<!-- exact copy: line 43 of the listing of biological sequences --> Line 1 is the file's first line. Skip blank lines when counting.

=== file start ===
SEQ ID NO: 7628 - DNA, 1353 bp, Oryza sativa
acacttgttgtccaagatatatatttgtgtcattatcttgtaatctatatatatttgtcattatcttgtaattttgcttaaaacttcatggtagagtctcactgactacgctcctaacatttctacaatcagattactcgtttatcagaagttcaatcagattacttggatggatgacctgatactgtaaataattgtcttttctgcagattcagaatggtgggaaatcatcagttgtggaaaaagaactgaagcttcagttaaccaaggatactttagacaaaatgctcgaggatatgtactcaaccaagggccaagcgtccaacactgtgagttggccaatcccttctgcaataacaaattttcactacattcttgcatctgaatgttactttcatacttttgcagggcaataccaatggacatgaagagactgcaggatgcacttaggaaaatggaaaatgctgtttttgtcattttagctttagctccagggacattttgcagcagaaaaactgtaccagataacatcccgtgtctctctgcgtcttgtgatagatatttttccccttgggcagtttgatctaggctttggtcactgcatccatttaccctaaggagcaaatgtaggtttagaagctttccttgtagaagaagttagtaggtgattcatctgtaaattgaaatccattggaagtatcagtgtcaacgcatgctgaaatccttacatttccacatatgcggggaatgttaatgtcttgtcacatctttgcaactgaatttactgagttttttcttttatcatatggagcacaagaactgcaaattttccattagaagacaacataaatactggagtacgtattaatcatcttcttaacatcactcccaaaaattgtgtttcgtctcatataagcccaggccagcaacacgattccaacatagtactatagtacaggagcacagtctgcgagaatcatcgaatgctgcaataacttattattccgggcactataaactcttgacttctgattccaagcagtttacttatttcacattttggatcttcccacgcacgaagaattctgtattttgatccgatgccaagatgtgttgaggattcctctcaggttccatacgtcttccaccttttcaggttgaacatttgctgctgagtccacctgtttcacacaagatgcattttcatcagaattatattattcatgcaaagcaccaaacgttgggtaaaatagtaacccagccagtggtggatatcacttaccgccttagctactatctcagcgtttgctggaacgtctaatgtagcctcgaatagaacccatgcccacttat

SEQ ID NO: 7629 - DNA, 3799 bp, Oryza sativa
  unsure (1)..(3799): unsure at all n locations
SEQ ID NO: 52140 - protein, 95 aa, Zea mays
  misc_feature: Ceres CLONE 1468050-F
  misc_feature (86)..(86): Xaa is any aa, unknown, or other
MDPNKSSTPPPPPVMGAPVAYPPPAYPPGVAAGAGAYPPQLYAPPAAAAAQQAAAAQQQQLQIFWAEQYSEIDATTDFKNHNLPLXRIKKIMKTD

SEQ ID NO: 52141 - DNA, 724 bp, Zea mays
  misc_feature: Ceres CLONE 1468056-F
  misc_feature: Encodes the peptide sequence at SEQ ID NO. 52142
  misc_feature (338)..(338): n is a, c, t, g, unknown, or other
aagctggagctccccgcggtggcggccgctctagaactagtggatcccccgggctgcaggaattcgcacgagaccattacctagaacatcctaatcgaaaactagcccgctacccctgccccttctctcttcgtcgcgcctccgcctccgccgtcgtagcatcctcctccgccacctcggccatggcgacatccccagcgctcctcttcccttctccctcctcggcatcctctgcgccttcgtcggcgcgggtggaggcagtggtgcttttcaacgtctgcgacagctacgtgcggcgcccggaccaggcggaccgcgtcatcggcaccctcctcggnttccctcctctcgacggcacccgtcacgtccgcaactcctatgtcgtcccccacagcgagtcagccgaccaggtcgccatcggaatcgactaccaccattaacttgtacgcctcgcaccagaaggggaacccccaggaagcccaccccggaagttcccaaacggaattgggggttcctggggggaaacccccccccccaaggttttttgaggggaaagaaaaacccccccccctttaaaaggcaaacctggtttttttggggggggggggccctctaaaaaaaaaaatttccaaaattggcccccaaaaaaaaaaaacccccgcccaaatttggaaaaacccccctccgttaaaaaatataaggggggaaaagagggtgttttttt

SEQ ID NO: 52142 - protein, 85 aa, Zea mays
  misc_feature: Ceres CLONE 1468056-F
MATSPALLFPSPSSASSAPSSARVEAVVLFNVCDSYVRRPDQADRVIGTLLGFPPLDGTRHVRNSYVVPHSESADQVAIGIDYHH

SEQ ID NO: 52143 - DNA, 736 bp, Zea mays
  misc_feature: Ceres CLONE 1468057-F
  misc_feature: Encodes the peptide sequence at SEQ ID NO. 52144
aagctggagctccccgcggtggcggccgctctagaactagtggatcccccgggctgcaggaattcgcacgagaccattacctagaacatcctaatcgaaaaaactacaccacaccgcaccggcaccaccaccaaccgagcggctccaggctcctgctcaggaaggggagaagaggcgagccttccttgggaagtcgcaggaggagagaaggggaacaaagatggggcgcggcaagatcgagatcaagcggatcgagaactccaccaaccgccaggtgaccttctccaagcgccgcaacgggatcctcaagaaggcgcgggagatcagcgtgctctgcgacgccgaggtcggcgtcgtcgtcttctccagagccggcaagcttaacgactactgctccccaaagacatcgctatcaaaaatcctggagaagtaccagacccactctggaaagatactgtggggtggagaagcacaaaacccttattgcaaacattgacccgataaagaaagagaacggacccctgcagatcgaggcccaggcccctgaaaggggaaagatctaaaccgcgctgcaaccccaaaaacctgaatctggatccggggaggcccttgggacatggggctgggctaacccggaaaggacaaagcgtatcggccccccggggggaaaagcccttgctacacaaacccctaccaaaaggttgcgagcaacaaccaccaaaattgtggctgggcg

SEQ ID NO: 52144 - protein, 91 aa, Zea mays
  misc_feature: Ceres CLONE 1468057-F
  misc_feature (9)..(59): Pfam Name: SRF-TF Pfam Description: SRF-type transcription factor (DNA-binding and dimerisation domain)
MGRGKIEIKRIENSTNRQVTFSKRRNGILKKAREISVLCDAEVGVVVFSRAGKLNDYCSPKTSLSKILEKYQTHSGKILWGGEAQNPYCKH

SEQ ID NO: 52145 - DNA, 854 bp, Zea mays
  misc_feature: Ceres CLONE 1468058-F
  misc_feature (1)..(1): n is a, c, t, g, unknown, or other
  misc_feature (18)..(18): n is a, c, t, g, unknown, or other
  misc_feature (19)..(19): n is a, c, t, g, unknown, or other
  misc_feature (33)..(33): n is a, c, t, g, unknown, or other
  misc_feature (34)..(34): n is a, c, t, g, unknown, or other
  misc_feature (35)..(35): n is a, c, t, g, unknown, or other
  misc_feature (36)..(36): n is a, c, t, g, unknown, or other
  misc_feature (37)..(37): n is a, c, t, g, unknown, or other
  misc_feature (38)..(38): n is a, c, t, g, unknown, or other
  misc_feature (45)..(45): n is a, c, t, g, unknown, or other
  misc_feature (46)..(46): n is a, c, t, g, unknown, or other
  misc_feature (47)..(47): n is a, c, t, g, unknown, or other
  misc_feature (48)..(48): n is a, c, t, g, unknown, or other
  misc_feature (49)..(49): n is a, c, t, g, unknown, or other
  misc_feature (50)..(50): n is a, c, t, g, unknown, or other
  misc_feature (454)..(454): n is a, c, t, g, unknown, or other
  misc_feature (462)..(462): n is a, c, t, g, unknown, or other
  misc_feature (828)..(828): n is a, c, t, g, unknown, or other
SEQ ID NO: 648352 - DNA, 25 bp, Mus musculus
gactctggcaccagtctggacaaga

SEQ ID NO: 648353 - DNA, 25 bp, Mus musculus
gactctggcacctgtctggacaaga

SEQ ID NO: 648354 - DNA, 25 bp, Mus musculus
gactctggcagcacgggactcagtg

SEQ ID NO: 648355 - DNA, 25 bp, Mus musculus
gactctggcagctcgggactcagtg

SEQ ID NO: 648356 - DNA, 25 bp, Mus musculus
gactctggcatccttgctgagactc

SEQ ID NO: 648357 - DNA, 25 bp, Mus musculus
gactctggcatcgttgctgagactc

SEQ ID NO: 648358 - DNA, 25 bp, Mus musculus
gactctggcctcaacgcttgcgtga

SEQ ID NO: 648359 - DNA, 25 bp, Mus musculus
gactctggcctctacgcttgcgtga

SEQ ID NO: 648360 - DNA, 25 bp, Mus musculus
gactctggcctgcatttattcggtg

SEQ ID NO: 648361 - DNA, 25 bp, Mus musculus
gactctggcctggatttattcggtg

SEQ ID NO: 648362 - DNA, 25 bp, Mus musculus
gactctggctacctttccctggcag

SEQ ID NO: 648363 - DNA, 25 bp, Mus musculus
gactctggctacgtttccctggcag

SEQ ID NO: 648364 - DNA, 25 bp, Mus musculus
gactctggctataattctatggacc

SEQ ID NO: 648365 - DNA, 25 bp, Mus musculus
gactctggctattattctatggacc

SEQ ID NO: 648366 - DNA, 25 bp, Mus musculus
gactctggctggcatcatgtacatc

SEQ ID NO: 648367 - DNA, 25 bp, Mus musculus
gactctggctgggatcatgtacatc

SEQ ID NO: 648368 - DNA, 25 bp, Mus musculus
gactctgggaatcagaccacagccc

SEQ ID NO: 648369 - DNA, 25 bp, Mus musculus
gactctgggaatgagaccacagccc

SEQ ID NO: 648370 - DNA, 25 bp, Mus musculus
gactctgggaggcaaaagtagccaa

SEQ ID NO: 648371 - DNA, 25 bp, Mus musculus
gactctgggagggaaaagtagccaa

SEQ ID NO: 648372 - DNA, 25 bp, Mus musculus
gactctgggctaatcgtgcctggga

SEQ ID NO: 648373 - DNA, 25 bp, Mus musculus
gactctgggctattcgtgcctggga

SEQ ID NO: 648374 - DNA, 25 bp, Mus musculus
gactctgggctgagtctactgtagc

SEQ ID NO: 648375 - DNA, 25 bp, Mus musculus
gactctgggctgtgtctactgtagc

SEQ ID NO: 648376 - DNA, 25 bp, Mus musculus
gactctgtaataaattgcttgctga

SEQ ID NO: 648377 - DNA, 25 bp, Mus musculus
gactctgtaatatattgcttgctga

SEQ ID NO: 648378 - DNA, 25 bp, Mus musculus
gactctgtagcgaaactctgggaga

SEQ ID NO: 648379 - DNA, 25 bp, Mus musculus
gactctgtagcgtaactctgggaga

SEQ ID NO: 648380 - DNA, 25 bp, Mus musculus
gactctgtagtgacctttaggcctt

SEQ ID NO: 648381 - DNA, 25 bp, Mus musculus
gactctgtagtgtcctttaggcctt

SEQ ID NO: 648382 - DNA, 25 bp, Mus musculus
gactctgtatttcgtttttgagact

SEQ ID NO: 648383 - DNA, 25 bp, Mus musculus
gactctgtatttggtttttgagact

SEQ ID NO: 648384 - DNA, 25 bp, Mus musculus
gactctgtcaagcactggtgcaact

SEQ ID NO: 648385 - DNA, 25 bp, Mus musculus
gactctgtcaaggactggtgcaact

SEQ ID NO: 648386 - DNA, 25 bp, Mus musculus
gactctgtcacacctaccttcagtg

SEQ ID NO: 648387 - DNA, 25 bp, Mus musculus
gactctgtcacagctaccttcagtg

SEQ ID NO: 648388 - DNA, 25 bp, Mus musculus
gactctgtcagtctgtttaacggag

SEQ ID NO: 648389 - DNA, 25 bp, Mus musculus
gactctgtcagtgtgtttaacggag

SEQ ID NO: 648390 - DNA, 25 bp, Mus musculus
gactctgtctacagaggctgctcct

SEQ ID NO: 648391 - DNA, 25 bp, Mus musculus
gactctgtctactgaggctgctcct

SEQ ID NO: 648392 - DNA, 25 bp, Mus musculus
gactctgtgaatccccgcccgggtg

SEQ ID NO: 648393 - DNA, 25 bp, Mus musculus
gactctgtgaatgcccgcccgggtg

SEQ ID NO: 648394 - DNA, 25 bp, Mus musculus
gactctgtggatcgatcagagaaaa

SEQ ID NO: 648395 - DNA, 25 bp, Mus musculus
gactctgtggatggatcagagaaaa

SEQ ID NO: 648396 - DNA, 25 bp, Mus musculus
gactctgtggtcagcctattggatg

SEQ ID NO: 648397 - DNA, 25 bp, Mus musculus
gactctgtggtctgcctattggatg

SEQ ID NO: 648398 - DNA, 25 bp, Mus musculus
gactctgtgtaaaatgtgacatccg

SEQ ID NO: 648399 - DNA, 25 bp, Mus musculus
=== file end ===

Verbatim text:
  misc_feature (462)..(462): n is a, c, t, g, unknown, or other